The SBA Has Made It Much Easier to Buy a Business

The biggest change is that you can now get an SBA loan to buy any percentage of a company’s stock. The price must be based on a valuation performed by an SBA-certified appraiser.

By Ami Kassar

As part of the massive changes in Small Business Administration rules over the last few months, banks and authorized lenders can now finance somebody buying an interest in a business. This is a dramatic change. Previously, you could use an SBA loan to buy a business only if you were buying 100 percent of the business. Also, the selling owner could remain with the company as a consultant for just one year.  In the new rules, a seller can retain equity and have an ongoing long-term relationship with the company.  

As always, the devil is in the details. The changes can be complicated, and it’s essential to understand how the loans work. Also, so far, only a few SBA banks and lenders are experimenting with these loans. As lenders become more comfortable with the changes, more are likely to join.

The biggest change is that you can now get an SBA loan to buy any percentage of a company’s stock. The price must be based on a valuation performed by an SBA-certified appraiser. For example, if a business is valued at $1 million, and you have an agreement to buy 30 percent of the business, you could be eligible for a $300,000 loan. Here’s another important detail: The loan must be guaranteed both by the business and by the individual buying the shares. Plus, if any remaining owners own 20 percent or more of the company after the transaction, they too must guarantee the loan.

The buyer can even finance 100 percent of the purchase if the business has a debt-to-worth ratio no greater than nine to one for the most recently completed fiscal year and the most recently completed quarter before the change of ownership​. The debt-to-worth-ratio determines how much of a company’s assets are financed by debt. If the total debt of the business divided by the total equity of the business exceeds the nine-to-one ratio, the buyer must produce 10 percent of the purchase price in cash.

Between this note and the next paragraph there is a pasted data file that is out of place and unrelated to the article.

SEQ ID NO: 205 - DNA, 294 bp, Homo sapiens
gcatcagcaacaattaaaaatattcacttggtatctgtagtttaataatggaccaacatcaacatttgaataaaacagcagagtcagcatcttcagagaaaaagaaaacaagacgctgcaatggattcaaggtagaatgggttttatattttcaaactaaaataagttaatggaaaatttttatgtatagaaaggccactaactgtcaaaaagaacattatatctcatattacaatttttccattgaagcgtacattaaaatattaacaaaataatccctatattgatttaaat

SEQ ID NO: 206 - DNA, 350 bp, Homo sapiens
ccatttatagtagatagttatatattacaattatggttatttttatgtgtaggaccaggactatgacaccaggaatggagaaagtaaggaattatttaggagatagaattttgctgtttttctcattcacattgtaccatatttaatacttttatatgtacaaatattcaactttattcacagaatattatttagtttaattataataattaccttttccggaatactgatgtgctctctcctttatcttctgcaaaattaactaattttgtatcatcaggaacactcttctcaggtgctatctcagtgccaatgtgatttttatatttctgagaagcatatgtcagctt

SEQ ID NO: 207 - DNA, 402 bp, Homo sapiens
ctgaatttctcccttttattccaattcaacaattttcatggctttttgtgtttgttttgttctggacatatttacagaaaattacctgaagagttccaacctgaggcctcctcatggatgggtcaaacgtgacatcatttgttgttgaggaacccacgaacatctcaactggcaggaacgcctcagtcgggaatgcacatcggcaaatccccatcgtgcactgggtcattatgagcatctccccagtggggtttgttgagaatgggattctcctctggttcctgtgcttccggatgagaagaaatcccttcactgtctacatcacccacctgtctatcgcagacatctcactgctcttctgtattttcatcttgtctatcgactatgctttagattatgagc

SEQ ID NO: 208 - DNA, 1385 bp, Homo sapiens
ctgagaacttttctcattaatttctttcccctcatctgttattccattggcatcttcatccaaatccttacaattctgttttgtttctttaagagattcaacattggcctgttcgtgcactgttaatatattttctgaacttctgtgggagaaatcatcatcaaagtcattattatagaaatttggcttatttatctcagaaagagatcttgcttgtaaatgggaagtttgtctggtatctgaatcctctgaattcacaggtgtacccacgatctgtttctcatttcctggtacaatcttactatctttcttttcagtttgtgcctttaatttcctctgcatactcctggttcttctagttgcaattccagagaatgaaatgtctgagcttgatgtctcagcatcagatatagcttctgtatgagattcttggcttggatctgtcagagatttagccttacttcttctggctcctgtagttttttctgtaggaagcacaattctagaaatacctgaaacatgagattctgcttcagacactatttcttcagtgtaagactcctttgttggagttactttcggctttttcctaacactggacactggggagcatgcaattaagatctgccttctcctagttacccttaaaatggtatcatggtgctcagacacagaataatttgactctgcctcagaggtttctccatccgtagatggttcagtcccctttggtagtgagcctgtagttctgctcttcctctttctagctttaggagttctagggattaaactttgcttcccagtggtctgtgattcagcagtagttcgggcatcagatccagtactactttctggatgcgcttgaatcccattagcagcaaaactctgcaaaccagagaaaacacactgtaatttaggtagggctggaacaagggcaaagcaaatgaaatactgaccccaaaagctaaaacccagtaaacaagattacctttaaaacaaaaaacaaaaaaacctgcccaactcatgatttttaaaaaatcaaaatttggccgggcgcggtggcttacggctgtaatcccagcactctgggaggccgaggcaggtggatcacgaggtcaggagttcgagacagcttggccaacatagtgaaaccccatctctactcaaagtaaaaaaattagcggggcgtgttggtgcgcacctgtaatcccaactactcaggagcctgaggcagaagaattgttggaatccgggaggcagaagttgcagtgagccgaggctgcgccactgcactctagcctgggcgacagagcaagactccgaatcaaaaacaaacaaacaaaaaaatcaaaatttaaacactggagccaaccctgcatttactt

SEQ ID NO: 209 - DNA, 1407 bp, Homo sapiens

Some Real Life Examples

We have a client who is already taking advantage of the new SBA rules to purchase 80 percent of an industry-leading consulting firm. There are currently five shareholders in the business, all of whom would like to remain—with the exception of the primary shareholder, who owns 80 percent. The borrower has some relevant experience but on a much smaller scale. The deal only makes sense because of the partial-buyout terms and because the other partners are staying with the business. If the buyer had to buy 100 percent of the business, he would not be strong enough financially or experienced enough in the industry to operate the business on his own. This deal can only work thanks to the new rules.

We are working on several other transactions where relatable experience and licensing would likely be an insurmountable obstacle to a 100-percent transaction. This is especially true for the many folks looking to purchase specialty services businesses—HVAC, plumbing, electrical, for example—despite not having relevant work experience or licensing. In the past, these deals would have had little chance of succeeding unless a buyer could partner with a key employee or someone outside of the organization. This was difficult and a practice many banks were reluctant to accept. Now, with partial buyouts, the ability to leverage the existing owner’s ongoing involvement and to keep the license in place, these deals are much easier to finance. 

In addition, this helps the many sellers who are ready to pass the torch but not necessarily ready to retire. Sellers often welcome the idea of sticking around to lend support and have a role in the business even if they’re no longer in charge. The partial buyout opens the door for this scenario. Given all of the benefits, I expect many more SBA lenders to get comfortable making these loans.

Ami Kassar is CEO of MultiFunding.

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